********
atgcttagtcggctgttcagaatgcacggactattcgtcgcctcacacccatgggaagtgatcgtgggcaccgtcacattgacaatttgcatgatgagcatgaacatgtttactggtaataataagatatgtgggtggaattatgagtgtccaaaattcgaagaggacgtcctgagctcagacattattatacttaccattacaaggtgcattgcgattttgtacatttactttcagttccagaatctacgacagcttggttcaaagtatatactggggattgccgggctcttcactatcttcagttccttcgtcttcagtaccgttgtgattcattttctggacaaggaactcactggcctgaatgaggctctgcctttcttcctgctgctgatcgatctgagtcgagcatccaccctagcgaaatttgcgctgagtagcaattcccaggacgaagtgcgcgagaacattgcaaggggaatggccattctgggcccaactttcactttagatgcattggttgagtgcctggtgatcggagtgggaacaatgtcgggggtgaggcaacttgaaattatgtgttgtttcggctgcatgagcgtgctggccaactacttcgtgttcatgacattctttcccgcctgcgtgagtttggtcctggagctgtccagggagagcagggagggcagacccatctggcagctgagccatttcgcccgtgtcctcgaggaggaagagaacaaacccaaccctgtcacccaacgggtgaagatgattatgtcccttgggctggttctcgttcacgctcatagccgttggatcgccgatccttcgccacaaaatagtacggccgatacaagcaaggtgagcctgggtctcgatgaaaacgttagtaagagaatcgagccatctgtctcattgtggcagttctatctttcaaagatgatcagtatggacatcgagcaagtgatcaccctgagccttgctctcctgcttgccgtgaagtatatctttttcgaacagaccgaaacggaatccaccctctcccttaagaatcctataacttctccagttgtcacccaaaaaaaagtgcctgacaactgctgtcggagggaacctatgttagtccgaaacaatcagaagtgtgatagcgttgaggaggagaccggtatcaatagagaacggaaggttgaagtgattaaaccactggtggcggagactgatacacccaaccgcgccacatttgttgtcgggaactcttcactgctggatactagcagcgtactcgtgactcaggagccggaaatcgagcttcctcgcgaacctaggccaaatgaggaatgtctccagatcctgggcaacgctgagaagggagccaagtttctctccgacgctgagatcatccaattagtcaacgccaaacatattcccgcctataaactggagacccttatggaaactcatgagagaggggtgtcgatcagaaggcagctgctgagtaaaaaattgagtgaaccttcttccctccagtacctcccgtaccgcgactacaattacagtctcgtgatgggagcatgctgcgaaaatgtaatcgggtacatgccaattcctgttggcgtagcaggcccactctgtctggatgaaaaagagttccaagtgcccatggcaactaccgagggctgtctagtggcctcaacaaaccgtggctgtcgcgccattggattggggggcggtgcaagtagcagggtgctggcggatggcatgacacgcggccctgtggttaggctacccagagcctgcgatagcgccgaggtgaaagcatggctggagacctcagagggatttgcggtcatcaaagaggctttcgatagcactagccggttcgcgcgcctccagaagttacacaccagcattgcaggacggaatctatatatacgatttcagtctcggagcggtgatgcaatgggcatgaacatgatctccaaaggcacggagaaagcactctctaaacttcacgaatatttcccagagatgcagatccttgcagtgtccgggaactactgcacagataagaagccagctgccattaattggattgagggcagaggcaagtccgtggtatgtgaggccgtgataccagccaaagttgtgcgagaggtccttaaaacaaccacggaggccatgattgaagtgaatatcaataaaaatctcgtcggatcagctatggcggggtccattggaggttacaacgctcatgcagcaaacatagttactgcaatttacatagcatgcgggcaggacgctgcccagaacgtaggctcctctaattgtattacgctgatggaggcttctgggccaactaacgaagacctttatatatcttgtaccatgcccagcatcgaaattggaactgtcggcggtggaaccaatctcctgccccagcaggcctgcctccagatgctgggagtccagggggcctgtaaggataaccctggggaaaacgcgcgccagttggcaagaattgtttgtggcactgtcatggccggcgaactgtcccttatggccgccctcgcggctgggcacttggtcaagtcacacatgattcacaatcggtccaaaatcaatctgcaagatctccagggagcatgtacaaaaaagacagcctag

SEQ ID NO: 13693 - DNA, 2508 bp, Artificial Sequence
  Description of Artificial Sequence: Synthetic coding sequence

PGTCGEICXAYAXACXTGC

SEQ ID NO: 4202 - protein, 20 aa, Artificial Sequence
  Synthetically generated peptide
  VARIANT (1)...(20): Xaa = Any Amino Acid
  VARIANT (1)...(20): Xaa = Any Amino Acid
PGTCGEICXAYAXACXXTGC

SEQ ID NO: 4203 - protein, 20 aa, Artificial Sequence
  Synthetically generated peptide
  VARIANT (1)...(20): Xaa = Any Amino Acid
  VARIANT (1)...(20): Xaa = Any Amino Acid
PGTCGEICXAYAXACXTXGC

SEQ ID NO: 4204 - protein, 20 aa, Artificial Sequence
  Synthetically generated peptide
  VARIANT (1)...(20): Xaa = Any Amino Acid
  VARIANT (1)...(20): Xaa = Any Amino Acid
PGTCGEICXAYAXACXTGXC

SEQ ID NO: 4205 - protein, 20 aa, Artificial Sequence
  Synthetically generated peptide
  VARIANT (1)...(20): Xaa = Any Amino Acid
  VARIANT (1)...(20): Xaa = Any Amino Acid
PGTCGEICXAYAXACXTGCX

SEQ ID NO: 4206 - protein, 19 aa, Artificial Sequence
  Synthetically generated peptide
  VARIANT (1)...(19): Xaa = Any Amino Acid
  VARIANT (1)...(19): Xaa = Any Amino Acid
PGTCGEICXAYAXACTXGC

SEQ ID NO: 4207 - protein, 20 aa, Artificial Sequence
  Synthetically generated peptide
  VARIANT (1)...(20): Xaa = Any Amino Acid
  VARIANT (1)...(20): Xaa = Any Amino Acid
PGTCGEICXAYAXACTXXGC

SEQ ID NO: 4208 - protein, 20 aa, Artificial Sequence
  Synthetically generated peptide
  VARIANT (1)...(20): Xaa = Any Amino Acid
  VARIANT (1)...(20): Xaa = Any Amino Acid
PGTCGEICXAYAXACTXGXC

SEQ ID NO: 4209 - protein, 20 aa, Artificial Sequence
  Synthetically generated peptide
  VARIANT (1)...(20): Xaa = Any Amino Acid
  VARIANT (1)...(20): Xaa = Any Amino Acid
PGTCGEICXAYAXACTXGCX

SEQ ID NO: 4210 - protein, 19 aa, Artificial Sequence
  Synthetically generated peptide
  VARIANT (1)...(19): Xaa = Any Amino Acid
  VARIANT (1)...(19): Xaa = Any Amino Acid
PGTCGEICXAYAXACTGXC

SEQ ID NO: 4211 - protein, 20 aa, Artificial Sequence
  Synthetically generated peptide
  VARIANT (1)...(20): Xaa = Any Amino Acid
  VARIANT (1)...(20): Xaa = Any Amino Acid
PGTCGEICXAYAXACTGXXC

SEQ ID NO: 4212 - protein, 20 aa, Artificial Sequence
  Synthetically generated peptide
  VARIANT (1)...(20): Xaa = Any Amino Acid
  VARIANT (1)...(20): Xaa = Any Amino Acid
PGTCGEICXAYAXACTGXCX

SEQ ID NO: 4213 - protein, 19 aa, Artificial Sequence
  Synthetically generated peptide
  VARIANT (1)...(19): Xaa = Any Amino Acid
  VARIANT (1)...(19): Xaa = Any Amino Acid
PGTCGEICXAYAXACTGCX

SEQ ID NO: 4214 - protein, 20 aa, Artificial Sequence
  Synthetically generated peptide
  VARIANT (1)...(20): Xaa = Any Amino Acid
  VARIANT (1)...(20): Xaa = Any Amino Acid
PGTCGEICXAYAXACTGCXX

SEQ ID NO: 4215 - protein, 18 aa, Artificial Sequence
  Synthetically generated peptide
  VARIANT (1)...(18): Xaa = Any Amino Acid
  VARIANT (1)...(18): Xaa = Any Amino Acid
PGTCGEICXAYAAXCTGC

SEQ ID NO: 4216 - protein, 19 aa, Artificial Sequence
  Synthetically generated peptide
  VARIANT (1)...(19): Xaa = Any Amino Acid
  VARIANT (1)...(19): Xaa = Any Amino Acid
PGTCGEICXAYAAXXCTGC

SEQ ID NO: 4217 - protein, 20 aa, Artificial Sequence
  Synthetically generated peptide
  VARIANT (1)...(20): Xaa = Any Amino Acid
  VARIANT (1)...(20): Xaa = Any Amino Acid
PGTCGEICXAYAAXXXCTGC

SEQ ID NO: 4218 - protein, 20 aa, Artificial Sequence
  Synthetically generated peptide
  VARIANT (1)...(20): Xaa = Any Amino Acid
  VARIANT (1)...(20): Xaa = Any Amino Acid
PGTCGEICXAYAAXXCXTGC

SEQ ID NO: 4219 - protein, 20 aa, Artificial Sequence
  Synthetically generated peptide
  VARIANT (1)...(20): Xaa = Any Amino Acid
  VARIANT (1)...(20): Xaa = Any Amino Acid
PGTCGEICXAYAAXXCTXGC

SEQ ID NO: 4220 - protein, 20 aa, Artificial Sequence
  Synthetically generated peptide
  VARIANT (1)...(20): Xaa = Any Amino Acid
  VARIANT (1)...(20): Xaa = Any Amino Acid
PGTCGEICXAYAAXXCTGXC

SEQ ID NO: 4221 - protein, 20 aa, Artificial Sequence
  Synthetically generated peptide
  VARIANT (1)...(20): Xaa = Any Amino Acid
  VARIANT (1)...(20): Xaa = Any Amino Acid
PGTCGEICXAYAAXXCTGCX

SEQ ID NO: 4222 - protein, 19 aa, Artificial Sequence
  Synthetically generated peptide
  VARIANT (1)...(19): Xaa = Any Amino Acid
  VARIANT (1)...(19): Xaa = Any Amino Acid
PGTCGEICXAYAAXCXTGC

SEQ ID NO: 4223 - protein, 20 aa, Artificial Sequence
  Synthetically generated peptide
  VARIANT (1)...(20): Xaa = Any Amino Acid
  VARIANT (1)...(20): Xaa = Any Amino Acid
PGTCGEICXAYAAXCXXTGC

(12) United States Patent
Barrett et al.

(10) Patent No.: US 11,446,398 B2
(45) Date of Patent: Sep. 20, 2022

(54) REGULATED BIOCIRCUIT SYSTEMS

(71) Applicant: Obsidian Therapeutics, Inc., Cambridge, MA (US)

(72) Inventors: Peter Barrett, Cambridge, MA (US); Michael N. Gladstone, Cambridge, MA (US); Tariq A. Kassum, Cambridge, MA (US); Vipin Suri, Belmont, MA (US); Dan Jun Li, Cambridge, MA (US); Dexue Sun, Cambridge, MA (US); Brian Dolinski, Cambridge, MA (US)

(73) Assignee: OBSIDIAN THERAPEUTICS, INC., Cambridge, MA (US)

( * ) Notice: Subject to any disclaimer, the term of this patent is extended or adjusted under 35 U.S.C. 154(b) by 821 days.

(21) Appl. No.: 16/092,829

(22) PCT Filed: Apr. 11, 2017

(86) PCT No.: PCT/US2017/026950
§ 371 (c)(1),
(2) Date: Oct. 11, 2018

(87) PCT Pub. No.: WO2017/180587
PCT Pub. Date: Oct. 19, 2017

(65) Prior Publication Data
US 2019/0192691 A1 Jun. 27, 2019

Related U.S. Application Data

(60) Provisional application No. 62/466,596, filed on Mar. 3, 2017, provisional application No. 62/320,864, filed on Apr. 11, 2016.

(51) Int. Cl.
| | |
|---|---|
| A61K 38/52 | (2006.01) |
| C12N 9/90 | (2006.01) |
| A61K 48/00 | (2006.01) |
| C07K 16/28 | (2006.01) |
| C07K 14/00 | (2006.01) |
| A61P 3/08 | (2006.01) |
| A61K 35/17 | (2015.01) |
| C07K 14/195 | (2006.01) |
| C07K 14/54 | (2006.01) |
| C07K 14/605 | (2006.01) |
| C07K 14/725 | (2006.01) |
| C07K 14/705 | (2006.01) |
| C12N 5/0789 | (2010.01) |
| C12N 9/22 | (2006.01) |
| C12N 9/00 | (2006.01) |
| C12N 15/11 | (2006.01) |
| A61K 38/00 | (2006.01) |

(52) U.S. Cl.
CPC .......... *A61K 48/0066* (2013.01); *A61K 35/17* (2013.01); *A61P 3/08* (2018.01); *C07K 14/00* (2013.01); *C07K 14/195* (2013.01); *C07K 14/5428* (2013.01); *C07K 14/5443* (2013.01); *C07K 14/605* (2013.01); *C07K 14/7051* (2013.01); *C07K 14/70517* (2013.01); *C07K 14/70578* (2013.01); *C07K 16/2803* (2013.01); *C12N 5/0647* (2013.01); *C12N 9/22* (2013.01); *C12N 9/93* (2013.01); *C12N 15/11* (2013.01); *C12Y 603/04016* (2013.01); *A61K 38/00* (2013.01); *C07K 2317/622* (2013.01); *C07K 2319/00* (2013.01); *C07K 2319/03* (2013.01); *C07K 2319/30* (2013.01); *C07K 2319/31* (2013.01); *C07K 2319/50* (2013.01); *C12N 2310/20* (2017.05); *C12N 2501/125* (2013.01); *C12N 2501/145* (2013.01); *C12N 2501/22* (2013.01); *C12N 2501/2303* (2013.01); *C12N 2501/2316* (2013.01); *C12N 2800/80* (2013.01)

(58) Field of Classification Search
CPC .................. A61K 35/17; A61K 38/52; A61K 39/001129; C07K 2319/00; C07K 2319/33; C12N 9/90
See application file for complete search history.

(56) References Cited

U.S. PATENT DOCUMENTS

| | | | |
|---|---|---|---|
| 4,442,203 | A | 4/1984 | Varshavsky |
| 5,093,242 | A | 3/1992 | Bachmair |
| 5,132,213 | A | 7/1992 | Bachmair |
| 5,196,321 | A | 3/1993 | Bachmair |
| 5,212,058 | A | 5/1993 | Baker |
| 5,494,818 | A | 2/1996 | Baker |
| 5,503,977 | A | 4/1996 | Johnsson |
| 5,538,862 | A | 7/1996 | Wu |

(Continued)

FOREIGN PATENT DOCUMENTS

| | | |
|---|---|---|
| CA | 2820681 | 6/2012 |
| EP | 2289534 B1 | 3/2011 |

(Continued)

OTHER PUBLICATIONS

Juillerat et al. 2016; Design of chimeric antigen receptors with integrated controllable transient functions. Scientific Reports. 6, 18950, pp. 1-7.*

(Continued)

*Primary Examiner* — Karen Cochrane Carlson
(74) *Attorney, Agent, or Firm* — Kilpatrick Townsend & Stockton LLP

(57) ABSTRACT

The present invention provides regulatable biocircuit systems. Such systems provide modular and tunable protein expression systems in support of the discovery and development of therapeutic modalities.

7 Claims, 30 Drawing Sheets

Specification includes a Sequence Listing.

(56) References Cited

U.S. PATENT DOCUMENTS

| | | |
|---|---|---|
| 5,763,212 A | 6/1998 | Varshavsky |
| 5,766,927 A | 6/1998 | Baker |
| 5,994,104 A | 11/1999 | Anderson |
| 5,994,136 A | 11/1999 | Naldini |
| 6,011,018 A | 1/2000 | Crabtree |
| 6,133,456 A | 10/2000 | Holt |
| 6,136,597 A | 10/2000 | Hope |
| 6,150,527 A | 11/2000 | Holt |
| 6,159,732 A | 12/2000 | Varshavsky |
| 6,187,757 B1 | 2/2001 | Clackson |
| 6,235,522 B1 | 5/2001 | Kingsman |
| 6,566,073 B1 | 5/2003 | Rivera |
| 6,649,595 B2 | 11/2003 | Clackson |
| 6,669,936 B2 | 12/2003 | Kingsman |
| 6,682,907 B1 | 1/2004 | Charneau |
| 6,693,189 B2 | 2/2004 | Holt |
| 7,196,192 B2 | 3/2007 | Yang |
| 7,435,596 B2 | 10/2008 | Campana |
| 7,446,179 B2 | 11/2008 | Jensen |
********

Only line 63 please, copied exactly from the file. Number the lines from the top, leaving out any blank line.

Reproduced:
  VARIANT (1)...(19): Xaa = Any Amino Acid